Why Is It Called Port And Starboard?

Ever wondered why the terms “Port” and “Starboard” are used to denote Left and Right side on ships? Well, we wondered and went on to find the answer for you. Read on to know the interesting story behind it…

During earlier days, boats/ships used to have rudders on their centre line. Boats/ Ships were controlled using a steering oar. As it is very common that most of the people are right handed in the world. Similarly most of the sailors were right handed, so the steering oar used to control the ship was placed over or through the right side of the stern.

Thus most of the sailors used to call the right side as the “Steering Side”, which soon became “Starboard”. The word “Starboard” is formed by combining two old words: stéor (meaning “steer”) and bord (meaning “the side of a boat”). As the size of ships grew, so did the steering oar, making it much easier to make fast a ship to a dock on the side opposite the oar. This side was known as “larboard”, or “the loading side.” As the time passed, it became evident that “larboard” is very easily confused with “starboard” during communications. Hence it was replaced with the word “port” as this was the side that faced the port, allowing cargo to be loaded or discharged. That is how the terms “Port” and “Starboard” came in existence. Since “Port” and “Starboard” never change. They are unambiguous references that are independent of a mariner’s orientation. Thus removing the chances of any ambiguity. Hence Sailors prefer to use these nautical terms instead of left and right to avoid confusion.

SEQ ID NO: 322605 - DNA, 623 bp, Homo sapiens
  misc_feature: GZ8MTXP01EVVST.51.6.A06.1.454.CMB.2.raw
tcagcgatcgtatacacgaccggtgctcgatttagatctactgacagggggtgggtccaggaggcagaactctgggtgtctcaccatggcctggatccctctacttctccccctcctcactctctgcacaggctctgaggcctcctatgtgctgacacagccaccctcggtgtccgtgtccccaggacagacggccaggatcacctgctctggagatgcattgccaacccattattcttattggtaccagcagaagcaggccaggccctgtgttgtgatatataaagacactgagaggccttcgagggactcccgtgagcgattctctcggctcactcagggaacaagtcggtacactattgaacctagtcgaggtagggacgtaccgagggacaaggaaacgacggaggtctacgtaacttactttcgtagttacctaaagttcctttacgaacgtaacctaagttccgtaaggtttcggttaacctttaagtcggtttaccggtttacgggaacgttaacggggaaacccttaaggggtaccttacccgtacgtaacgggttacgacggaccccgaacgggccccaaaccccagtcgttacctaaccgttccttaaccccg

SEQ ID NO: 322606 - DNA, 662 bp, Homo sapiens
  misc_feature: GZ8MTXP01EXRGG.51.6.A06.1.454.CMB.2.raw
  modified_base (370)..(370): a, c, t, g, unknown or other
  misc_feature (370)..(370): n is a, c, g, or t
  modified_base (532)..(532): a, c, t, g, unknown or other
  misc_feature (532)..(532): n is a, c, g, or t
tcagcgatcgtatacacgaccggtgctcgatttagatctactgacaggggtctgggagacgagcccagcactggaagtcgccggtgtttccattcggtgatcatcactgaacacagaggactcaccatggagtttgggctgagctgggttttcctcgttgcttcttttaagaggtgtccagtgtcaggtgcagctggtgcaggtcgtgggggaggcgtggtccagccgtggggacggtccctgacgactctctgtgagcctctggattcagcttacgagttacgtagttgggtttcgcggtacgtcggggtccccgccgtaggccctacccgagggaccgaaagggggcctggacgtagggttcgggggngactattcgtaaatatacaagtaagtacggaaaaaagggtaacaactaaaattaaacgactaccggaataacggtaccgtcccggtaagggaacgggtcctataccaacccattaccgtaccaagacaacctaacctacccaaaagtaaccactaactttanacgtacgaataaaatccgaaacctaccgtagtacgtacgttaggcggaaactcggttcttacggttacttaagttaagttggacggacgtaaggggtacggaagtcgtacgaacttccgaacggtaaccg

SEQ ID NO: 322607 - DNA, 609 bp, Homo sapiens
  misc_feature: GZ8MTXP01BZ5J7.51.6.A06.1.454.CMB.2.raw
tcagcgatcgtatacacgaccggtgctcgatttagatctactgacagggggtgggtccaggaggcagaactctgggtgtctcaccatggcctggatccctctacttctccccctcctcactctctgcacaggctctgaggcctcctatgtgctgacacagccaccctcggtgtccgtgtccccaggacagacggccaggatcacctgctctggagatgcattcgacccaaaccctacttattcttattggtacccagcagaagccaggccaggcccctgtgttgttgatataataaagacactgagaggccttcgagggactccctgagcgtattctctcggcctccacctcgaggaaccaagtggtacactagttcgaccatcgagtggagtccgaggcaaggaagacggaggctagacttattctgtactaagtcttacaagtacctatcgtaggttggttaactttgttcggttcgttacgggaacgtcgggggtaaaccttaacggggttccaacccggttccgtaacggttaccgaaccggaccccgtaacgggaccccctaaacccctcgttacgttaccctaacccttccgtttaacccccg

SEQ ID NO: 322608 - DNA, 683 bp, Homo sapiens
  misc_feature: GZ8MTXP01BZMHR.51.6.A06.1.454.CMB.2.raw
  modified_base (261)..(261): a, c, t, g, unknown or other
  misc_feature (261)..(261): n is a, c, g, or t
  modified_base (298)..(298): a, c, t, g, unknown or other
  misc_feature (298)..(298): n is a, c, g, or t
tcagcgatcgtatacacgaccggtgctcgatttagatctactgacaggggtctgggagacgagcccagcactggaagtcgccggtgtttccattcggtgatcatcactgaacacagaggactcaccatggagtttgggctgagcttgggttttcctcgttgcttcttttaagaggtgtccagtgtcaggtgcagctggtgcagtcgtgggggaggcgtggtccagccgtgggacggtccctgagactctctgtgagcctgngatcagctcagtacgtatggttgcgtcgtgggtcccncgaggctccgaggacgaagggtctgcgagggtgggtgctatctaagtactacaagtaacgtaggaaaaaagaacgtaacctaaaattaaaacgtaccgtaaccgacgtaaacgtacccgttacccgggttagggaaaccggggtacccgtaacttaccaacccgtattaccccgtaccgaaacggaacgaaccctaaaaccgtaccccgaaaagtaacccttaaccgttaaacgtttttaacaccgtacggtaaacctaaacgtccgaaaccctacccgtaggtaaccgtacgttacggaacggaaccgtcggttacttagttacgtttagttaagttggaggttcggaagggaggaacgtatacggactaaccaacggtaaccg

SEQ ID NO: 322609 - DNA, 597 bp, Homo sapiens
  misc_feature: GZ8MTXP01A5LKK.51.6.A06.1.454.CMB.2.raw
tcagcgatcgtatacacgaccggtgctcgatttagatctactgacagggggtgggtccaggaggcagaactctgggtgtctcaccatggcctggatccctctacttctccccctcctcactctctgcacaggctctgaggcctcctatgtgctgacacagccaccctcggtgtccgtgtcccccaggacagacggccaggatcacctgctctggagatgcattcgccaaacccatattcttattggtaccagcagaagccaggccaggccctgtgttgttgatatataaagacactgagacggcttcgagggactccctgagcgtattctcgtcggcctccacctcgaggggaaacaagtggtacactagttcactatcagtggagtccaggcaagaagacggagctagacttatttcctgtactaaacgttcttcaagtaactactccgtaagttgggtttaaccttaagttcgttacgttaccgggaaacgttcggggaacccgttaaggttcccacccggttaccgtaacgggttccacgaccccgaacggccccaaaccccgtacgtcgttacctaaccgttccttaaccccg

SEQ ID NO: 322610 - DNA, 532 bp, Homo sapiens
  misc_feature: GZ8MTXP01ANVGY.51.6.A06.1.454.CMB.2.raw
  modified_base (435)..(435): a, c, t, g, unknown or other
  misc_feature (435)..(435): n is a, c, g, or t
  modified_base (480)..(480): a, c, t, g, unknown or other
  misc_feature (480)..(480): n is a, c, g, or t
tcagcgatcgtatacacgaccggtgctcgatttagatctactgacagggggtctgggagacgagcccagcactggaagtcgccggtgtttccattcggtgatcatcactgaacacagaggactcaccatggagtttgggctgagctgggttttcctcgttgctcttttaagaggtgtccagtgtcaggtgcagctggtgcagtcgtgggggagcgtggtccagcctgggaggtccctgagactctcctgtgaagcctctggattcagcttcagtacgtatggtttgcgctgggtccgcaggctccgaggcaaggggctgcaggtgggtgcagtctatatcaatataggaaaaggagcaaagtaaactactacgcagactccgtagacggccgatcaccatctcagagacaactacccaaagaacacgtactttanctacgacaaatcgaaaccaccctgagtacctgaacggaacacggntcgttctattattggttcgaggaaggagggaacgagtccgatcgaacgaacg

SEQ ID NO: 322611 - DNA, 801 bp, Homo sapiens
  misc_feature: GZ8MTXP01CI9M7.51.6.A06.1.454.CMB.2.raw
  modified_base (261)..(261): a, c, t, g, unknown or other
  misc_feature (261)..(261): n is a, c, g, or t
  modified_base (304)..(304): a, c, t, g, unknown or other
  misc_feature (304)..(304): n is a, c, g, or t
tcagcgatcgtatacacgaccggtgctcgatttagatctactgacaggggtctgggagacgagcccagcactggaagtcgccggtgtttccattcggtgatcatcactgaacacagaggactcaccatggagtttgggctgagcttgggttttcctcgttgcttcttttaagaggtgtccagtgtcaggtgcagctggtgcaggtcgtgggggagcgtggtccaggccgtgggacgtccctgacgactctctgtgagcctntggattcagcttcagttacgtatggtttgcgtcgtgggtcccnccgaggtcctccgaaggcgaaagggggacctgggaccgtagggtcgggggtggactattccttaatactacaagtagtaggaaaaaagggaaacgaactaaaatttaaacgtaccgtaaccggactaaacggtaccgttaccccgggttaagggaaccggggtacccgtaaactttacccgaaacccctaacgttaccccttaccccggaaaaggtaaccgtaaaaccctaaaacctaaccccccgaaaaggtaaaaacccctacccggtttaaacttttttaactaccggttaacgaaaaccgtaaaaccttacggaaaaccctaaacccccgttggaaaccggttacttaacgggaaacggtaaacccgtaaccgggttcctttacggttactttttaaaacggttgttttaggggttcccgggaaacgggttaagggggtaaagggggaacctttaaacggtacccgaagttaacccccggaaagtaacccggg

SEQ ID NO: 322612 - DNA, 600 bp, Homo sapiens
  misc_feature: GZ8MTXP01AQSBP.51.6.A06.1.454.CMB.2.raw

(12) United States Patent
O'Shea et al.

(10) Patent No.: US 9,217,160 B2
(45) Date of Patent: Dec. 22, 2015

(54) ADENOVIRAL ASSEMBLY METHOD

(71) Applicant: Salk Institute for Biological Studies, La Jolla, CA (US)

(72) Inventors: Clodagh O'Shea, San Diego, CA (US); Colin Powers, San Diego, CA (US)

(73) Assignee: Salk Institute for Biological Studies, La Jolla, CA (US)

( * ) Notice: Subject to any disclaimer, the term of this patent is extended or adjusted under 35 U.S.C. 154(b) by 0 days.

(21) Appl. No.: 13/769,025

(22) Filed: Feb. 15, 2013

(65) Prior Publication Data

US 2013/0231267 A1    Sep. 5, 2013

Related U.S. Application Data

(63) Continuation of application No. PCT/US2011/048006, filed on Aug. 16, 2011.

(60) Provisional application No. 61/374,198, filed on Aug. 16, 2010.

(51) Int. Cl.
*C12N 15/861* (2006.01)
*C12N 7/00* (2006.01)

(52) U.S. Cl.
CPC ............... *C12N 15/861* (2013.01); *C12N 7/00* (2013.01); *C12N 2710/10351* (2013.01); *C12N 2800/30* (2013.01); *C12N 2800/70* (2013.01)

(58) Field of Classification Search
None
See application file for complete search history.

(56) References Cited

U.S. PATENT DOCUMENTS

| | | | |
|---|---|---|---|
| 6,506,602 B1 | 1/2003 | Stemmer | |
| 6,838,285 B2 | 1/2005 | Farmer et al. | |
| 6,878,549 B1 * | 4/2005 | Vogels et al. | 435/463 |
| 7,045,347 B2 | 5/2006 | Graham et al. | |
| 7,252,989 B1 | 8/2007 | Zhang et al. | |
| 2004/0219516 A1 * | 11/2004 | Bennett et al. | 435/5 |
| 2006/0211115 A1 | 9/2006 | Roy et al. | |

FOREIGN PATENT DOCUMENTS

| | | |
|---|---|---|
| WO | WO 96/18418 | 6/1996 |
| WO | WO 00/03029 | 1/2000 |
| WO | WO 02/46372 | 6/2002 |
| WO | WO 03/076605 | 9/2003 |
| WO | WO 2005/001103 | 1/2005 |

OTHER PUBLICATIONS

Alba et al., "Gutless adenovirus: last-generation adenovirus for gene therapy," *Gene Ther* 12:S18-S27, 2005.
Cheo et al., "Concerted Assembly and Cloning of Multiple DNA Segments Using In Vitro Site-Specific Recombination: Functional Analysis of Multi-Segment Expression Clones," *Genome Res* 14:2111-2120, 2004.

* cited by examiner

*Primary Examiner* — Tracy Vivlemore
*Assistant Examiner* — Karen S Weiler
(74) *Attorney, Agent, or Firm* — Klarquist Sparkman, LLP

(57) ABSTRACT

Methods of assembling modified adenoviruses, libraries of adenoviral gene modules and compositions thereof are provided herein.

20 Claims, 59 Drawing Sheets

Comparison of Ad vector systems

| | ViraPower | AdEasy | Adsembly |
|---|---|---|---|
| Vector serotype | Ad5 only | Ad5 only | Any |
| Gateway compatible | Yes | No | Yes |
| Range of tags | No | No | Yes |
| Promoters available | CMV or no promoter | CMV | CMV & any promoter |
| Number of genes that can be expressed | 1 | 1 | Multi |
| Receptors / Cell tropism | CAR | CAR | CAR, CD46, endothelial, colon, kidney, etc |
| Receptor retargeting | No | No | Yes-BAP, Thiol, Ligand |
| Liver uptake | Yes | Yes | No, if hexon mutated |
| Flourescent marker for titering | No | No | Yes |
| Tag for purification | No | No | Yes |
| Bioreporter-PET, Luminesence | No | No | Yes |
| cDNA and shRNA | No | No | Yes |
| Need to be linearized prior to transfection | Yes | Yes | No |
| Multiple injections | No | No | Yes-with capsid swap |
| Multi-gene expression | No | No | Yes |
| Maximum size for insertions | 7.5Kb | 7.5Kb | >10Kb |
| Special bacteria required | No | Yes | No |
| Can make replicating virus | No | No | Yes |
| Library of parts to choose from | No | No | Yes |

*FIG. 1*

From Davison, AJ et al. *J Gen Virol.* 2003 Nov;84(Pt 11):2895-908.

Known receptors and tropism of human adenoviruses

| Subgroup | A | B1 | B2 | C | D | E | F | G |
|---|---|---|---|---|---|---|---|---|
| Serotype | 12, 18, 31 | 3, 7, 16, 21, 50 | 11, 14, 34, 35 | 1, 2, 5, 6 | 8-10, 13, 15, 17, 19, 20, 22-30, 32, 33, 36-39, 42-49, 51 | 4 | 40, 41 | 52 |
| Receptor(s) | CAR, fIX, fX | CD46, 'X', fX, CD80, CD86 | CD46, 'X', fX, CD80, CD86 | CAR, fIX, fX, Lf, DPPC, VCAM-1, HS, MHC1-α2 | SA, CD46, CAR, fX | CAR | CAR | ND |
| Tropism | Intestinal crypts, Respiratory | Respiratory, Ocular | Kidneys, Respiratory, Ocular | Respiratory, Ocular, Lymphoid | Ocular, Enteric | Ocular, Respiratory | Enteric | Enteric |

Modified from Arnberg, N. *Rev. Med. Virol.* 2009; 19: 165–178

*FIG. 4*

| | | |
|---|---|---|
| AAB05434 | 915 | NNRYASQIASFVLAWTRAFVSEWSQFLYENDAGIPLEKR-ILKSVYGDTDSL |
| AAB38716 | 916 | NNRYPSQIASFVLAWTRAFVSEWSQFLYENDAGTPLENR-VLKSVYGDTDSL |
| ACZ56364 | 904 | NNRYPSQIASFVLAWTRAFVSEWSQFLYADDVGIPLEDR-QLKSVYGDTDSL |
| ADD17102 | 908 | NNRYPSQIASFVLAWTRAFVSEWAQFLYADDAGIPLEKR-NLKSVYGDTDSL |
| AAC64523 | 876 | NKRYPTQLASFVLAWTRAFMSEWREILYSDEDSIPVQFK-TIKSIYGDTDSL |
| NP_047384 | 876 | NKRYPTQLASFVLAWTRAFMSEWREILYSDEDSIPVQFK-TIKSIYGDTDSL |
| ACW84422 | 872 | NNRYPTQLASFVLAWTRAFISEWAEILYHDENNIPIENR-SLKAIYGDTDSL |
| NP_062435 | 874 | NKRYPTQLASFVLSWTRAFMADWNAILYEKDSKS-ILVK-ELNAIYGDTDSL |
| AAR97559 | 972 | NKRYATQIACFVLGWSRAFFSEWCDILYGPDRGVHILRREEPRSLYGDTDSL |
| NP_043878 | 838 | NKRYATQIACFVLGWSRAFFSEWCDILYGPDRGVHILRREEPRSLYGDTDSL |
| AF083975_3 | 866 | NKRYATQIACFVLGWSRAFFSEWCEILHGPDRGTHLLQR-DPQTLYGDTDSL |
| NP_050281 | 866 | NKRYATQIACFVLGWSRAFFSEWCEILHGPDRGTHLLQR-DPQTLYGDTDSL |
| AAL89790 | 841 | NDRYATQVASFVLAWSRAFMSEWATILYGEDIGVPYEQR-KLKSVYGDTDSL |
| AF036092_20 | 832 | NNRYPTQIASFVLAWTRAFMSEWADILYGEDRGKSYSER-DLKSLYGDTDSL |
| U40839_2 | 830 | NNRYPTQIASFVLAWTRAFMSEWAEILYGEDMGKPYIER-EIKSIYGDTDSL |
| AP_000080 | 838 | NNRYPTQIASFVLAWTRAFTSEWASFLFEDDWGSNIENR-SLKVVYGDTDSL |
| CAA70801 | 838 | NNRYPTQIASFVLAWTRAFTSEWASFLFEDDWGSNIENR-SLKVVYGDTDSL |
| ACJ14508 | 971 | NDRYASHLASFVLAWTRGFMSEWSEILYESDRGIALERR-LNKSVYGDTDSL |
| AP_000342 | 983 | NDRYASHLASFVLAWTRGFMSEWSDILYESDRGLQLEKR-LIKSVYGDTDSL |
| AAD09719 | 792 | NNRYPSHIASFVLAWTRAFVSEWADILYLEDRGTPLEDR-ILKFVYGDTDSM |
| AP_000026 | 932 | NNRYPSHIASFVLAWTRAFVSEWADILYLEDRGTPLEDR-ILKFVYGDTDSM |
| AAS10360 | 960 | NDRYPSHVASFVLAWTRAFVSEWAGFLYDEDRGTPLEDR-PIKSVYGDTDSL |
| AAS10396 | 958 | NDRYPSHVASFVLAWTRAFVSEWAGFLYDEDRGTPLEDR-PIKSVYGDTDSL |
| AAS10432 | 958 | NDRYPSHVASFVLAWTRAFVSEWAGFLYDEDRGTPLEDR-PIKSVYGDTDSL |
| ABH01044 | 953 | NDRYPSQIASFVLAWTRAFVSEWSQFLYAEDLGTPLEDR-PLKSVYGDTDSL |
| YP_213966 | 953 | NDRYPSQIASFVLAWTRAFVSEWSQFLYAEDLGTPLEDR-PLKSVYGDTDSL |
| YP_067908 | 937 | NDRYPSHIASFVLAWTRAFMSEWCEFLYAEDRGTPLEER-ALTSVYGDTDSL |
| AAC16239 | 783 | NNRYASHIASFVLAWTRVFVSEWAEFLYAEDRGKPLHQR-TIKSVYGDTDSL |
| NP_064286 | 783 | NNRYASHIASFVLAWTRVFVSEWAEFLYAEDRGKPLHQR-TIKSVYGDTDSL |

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2 thoughts on “Why Is It Called Port And Starboard?

  1. Interesting.
    Far more likely valid than explanation I learned decades ago.
    What I learned, and now believe erroneous, was the following:
    “Port” because that was the side the ship was made fast to port docks for loading and unloading. Persons onboard and on the port side had a very limited view of the sea, usually watching the loading and unloading operations with a view of the land and buildings.
    “Starboard” because when a ship is docked, the starboard side looked out over the sea and onboard persons could see the stars.

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